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Unit 158

Unit 158

but embedded in different actions, their visual properties were tested in the same two conditions as those used for studying their motor properties. The actions were performed by an experimenter in front of the monkey. In one condition, the monkey observed the experimenter grasping a piece of food and bringing it to his mouth; in the other, the monkey observed the experimenter placing an object into the container.

The results showed that more than two-thirds of IPL neurons were differentially activated during the observation of grasping in placing and eating conditions. Examples are shown in Figure 2. Neurons responding to the observation of grasping for eating were more represented than neurons responding to the observation of grasping for placing, again with a two to one ratio.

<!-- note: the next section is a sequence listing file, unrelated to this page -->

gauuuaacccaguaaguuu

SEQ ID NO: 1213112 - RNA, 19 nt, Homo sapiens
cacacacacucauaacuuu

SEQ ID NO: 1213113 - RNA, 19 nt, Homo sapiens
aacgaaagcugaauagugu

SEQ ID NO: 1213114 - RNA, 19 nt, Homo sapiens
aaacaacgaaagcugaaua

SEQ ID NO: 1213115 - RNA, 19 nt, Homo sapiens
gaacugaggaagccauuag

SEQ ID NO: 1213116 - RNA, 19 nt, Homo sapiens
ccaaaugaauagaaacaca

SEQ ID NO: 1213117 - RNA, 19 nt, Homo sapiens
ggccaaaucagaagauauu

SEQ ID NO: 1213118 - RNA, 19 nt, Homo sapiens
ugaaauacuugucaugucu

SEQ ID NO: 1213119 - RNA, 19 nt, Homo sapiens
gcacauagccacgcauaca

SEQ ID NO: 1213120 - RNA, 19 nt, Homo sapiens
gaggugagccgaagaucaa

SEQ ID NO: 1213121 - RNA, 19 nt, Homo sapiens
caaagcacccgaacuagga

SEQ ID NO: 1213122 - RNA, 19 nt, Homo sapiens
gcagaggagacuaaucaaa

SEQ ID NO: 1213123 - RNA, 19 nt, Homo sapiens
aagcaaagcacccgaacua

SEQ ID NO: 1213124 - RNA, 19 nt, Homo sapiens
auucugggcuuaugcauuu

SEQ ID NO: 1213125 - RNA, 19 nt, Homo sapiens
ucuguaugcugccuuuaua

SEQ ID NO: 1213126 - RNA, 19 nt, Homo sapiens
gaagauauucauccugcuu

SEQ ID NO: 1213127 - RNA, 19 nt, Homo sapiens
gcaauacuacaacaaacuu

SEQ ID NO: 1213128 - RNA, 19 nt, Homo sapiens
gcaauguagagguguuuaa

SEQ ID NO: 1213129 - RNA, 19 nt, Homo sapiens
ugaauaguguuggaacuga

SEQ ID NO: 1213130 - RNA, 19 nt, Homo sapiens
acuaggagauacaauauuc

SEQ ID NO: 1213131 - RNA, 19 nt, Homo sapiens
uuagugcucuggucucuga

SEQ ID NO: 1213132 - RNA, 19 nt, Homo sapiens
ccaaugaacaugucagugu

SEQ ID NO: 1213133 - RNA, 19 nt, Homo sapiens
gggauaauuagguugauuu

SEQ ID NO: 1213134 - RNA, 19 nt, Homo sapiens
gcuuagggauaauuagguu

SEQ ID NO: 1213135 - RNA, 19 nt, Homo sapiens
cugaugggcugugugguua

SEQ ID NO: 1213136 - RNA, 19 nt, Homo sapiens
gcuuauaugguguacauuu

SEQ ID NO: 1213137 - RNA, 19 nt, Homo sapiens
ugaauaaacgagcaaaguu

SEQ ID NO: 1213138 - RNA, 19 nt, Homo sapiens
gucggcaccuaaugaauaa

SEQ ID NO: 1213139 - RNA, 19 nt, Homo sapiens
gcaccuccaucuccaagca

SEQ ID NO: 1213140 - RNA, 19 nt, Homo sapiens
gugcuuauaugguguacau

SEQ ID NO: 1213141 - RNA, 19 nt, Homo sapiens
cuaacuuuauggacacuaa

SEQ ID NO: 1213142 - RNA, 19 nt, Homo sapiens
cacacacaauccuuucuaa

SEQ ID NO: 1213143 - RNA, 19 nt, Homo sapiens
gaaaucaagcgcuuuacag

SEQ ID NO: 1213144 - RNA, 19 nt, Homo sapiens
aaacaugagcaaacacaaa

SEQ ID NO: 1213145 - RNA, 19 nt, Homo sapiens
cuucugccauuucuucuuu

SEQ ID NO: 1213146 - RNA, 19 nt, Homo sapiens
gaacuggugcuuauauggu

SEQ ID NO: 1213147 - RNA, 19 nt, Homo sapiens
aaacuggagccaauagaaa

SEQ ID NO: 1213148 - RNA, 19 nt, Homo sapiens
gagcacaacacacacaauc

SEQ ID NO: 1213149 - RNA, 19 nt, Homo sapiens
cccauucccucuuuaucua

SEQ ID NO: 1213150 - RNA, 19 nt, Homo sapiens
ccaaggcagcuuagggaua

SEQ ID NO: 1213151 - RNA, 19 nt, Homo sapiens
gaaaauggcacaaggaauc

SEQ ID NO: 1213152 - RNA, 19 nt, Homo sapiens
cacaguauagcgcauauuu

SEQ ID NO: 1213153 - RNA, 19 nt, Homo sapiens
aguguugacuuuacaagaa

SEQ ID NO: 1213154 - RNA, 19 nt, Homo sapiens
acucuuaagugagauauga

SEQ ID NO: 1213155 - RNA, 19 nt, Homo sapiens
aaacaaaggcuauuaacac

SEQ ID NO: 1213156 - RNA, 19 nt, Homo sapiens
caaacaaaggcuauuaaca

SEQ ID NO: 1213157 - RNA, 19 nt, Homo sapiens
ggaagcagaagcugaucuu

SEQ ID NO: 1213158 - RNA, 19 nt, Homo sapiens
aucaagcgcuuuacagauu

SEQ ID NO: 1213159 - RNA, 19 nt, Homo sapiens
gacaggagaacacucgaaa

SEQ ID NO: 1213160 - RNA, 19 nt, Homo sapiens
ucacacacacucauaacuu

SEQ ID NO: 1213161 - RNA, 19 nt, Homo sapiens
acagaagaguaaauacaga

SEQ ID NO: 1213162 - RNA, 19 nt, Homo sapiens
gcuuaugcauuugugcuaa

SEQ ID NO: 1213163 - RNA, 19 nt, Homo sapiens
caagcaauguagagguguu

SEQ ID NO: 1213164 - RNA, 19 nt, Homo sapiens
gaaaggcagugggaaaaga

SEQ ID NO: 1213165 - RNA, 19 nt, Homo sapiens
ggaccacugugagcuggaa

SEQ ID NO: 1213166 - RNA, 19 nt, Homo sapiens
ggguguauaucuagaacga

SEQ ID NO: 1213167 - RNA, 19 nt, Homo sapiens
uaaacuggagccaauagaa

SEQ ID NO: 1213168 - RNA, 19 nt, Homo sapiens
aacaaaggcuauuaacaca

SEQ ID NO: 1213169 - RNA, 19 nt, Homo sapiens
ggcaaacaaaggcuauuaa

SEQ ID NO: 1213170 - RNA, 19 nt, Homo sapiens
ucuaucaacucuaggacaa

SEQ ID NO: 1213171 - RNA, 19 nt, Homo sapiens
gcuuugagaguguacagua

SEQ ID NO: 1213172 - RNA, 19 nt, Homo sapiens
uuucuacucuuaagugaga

A comparison between neuron selectivity during the execution of a motor act and motor act observation showed that the great majority of neurons (84%) have the same specificity during grasping execution and grasping observation. Thus, a mirror neuron whose discharge was higher during the observation of grasping for eating than during the observation of grasping for placing also had a higher discharge when the monkey grasped for eating than when it grasped for placing. The same was true for neurons selective for grasping for placing.

The motor and visual organization of IPL, just described, is of great interest for two reasons. First, it indicates that motor actions are organized in the parietal cortex in specific chains of motor acts; second, it strongly suggests that this chained organization might constitute the neural basis for understanding the intentions of others.